The history of 4th Street Recording

Three short city blocks from the Pacific Ocean and one block off of Santa Monica’s world-famous Promenade, there is a special little place where folks have been making stellar music for thirty-six years.

4TH Street RecordingBrian Epstein’s Sound Solutions opened in 1978 with clients that included Little Richard, Stanley Clarke, George Clinton, and the Beach Boys, who recorded “Kokomo” here. Designed and constructed by the same team that built A&M (now Henson) Studios, the tracking room features a wavy ceiling, no parallel surfaces and bass traps, with walls and floor floating in sand.

In 1989, Kathleen Wirt and a partner bought the studio and renamed it 4th Street Recording, redecorating with the comfy, creative vibe for which it would become known. People are heard to say that they love 4th Street for many reasons—its sound, its location, its people—but the most frequent compliment is, “I feel really good here.”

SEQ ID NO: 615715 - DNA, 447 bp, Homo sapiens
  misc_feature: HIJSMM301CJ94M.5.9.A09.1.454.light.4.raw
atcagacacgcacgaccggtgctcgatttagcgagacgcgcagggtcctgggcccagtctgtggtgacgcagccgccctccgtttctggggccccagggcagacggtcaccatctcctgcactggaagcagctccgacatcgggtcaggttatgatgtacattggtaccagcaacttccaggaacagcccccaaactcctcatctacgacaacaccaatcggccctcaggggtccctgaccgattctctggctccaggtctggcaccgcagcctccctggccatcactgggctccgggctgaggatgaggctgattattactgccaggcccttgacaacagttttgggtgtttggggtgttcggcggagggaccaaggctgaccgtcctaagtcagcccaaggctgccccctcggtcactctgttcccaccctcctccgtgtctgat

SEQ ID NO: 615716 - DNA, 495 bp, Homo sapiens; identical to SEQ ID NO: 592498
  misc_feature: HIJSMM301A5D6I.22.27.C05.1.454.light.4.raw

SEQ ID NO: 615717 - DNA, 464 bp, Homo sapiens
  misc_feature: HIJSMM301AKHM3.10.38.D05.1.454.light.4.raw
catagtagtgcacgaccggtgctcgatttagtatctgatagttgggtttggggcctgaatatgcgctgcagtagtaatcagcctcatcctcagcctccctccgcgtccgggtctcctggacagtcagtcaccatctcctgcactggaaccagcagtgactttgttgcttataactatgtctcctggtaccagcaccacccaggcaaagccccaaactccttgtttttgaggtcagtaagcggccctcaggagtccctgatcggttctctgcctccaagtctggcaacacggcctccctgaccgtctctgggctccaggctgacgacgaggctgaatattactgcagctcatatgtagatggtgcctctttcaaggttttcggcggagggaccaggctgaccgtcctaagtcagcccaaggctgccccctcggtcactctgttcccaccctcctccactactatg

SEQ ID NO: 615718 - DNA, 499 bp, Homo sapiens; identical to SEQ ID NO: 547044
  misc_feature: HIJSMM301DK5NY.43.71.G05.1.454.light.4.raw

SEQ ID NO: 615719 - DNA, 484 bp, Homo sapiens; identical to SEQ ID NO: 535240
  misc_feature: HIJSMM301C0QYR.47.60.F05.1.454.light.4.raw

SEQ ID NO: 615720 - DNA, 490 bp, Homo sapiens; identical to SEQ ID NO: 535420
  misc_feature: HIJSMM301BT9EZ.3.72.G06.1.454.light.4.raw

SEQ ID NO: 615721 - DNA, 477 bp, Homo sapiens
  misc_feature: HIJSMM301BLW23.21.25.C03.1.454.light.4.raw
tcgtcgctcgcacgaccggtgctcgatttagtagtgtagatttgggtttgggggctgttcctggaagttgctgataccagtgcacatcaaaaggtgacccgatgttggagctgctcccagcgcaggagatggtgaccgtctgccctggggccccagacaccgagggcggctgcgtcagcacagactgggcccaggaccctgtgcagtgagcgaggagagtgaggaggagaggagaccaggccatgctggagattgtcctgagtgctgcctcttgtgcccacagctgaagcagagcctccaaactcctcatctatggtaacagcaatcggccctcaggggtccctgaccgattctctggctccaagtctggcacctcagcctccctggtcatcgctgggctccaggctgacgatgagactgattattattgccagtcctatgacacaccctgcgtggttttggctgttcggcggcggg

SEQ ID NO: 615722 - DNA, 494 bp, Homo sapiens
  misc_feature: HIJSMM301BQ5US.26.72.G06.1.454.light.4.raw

Since 1995, twenty-four acts have been signed to record deals with a recording from 4th Street, starting with Fiona Apple’s “Shadowboxer,” a track that was released as the first single on her Grammy-nominated album “Tidal”. Next came Incubus, Alien Ant Farm, and Hoobastank, all to become platinum-selling artists.

full-18Kathleen became the sole owner of 4th Street Recording in 2001 and expanded into the space next door for the next 12 years. When the music business began to change, the studio adapted and continued, with a happy staff that continued to put out a great product.

As 4th Street Recording celebrates its 25th anniversary in 2014, it also celebrates a newly installed vintage API console, and its 12th RIAA Gold/Platinum award with The Neighbourhood’s “Sweater Weather.”

4th Street Recording feels like a cozy home in a friendly little beach town, but offers all the big city benefits of Santa Monica’s Bayside District, simply put, 4th Street Recording is a good place to stay for a long time. And, as the staff will advise, “If you don’t take a walk down to the ocean at sunset, you’re not using the full facility. “

 

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